The main culprits of seasonal asthma are pollen, mould spores and dust mites. In summer, the air you breathe consists of pollens.
These microscopic particles stick to the moist lining of nose, eye and bronchial tubes.
They do not harm normal people, but they cause hay fever and asthma in people who have allergies.
In winter, trees begin to bud and people spend more time outdoors gardening, playing sports and enjoying the weather.
Spring can cause seasonal asthma in asthma sufferers.
Seasonal asthma from pollen:
Pollen from trees, grass and weeds cause allergic rhinitis and asthma. Pollination takes place in spring and result in high pollen counts.
In dry windy weather, lots of pollen is blown off the grass so that the pollen count can vary from time to time usually maximum on sunny breezy evenings. If there is a heavy rain, it washes pollen out of the air, so must asthma sufferers feel better after rainfall.
Seasonal asthma from mould spores:
The mould spores causes hay fever and seasonal asthma. Mould spores get airborne during the day and because spores are much smaller than pollen grains, they are more easily inhaled into the depths of the lungs.
In the early morning hours, millions of yeast appears and many asthma sufferers will have severe asthma attack.
In damp weather, more number of yeasts present in the air through the day, so asthma sufferers should keep their windows shut at night. Mould require a high level humidity making them much more prevalent in wet climates or following the rainy season of dryer climates.
Indoor mold growth takes place in the areas of the house where moisture is present such as bathrooms, humidifiers, and potted plants. Warmer temperatures also favor mold growth.
Seasonal asthma from dust mites:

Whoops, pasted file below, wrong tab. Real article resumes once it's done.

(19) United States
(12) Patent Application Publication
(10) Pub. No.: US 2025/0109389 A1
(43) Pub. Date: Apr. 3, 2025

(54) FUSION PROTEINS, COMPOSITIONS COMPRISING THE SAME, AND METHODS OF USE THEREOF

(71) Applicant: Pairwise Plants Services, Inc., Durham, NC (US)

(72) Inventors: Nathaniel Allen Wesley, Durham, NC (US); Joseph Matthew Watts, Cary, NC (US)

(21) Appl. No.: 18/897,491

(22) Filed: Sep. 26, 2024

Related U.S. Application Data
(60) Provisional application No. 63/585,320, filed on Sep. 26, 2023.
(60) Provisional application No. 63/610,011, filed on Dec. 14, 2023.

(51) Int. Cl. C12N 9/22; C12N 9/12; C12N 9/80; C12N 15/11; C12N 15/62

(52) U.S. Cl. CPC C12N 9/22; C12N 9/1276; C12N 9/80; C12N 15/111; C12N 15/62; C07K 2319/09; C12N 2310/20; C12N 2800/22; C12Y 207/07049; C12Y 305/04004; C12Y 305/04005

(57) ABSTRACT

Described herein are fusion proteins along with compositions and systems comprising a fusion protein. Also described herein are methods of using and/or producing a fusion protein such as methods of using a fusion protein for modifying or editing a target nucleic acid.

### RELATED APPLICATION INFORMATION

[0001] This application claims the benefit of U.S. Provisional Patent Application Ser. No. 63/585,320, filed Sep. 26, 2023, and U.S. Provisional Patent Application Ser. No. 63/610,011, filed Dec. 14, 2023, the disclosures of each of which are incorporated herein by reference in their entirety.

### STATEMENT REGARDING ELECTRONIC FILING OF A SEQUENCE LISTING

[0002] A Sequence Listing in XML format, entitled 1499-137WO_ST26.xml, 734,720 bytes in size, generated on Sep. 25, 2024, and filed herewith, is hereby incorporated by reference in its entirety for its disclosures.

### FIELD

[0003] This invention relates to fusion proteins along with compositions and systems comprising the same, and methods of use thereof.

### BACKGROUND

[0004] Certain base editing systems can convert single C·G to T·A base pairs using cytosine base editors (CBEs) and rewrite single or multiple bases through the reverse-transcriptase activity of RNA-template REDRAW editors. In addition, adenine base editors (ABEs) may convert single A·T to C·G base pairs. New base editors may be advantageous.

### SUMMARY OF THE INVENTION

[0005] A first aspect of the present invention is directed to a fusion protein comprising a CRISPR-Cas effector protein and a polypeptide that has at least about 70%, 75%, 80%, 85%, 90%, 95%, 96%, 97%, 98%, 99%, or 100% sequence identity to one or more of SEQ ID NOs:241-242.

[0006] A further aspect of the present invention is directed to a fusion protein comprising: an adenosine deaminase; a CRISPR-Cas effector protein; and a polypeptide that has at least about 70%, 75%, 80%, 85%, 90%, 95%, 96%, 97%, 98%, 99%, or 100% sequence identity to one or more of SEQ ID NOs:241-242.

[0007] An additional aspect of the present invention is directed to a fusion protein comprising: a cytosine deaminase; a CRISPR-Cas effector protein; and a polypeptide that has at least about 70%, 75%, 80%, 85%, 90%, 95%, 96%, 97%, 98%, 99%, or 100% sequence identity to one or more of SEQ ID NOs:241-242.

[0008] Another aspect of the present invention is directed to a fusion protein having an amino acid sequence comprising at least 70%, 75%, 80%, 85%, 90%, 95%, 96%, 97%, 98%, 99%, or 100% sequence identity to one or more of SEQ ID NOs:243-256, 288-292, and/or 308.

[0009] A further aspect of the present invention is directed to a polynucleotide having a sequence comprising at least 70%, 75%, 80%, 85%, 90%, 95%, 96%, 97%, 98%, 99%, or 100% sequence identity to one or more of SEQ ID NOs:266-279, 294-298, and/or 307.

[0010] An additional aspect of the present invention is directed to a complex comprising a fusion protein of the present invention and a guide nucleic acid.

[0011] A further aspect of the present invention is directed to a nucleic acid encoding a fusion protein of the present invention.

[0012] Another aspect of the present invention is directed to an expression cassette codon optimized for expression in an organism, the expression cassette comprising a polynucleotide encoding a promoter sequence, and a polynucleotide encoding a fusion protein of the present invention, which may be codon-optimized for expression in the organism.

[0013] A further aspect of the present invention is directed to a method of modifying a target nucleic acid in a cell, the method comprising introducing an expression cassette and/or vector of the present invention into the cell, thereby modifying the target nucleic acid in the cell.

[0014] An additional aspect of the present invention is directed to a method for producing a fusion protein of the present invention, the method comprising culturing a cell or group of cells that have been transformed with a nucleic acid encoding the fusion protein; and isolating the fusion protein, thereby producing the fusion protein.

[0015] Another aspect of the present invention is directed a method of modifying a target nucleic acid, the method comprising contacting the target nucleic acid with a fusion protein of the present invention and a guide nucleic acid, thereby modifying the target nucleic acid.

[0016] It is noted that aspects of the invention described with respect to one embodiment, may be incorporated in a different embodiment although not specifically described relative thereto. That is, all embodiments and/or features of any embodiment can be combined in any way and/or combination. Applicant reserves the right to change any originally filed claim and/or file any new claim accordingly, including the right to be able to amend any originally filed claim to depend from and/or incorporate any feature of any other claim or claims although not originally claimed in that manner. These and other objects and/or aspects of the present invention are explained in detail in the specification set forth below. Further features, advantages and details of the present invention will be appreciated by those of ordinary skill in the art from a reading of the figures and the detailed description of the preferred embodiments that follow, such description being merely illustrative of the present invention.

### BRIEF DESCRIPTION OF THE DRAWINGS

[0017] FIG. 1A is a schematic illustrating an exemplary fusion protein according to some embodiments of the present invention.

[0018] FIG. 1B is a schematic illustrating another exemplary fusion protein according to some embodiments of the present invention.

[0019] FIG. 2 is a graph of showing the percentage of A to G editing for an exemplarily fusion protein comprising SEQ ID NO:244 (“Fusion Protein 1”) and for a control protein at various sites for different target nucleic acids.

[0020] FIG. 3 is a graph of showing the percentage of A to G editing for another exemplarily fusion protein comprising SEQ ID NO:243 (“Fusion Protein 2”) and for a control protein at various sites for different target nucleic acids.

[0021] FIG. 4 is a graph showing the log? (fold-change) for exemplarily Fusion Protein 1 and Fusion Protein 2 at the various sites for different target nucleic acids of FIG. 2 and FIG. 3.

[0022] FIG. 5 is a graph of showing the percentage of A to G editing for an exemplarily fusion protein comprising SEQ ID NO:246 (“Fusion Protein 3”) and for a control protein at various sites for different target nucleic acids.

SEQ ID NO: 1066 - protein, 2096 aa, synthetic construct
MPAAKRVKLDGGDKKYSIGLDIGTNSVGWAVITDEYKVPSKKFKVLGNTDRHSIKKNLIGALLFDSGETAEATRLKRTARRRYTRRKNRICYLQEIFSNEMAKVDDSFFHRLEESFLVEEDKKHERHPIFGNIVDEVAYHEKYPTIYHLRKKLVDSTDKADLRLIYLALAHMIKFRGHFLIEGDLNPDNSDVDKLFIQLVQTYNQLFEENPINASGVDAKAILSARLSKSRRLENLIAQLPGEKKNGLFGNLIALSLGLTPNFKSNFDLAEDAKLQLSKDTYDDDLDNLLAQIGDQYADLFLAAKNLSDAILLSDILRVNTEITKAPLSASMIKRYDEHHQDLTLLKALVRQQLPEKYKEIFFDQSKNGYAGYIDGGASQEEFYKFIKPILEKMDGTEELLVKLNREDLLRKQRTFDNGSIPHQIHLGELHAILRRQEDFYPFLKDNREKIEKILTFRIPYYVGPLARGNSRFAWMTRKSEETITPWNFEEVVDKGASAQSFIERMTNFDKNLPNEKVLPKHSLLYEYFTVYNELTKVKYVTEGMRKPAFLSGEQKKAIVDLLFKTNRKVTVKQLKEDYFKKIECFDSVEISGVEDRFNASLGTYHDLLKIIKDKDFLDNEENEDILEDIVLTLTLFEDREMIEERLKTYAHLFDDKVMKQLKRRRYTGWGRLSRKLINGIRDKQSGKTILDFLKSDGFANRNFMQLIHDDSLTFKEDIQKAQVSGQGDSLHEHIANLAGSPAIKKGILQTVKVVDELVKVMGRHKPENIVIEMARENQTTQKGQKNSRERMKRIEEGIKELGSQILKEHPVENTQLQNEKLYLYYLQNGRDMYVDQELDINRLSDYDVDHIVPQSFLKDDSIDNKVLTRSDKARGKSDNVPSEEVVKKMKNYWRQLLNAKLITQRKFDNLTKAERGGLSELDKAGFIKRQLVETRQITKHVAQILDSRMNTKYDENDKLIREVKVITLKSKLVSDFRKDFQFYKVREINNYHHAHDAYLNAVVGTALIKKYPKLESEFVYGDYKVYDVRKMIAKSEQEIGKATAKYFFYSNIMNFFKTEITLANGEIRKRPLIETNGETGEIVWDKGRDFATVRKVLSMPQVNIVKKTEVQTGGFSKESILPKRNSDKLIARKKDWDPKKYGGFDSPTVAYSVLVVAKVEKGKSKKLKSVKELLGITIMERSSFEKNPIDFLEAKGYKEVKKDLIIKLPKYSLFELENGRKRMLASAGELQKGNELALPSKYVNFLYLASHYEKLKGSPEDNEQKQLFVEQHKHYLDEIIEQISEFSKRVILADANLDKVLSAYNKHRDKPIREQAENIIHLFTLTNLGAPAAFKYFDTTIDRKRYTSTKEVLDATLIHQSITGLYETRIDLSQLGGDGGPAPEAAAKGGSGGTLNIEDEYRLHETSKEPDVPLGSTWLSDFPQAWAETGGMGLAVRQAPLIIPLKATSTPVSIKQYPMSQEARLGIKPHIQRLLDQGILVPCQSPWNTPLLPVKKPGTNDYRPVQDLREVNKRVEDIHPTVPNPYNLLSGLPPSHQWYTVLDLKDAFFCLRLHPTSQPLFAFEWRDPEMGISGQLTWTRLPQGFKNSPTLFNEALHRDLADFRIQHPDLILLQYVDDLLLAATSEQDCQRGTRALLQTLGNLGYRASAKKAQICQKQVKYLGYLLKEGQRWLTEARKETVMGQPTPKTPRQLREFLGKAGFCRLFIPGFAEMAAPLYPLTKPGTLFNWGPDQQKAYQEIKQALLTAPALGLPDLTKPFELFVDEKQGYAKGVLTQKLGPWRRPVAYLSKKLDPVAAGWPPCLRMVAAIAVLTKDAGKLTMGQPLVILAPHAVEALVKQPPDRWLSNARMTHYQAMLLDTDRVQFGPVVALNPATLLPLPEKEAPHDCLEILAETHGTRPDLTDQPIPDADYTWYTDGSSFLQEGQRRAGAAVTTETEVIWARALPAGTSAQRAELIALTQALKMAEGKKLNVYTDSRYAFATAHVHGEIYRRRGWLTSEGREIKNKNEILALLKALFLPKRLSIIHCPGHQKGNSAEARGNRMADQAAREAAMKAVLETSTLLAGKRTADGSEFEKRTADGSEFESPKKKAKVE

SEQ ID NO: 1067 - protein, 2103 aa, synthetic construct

Seasonal changes can affect the number of mites present, with lowest numbers occurring in temperature climates during the winter because of cold temperatures and indoor drying of air. In warmer climates, more dust mites are present during the rainy season.
Seasonal asthma triggers in spring:
- Mold spores increases
- Tree and grass pollen levels are at peak and last long because of mild winters.
- Due to increased humidity levels, dust mite count is increased
- In spring, air pollution tend to rise [Asthma and Air Pollution]
Controlling seasonal asthma:
- Close your car and house windows to keep pollen out.
- When dusting indoors and gardening outdoors, wear a mask over nose and mouth.
- Air conditioner or dehumidifier should be used to decrease indoor humidity and clean the filters regularly.
- When grass and pollen count is high, limit time spent outdoors.
- Dust inside the home should be controlled by damp cloth.
- Keep the rescue inhaler all the times along with you.
- Use vacuum cleaner with dust capturing filter.
- Clean ceiling fan blades before starting them up for the season.
Identify the seasonal and environmental factors that may worsen seasonal asthma. Use medications properly prescribed by the doctor for effective treatment of seasonal asthma. [Controlling Asthma Symptoms]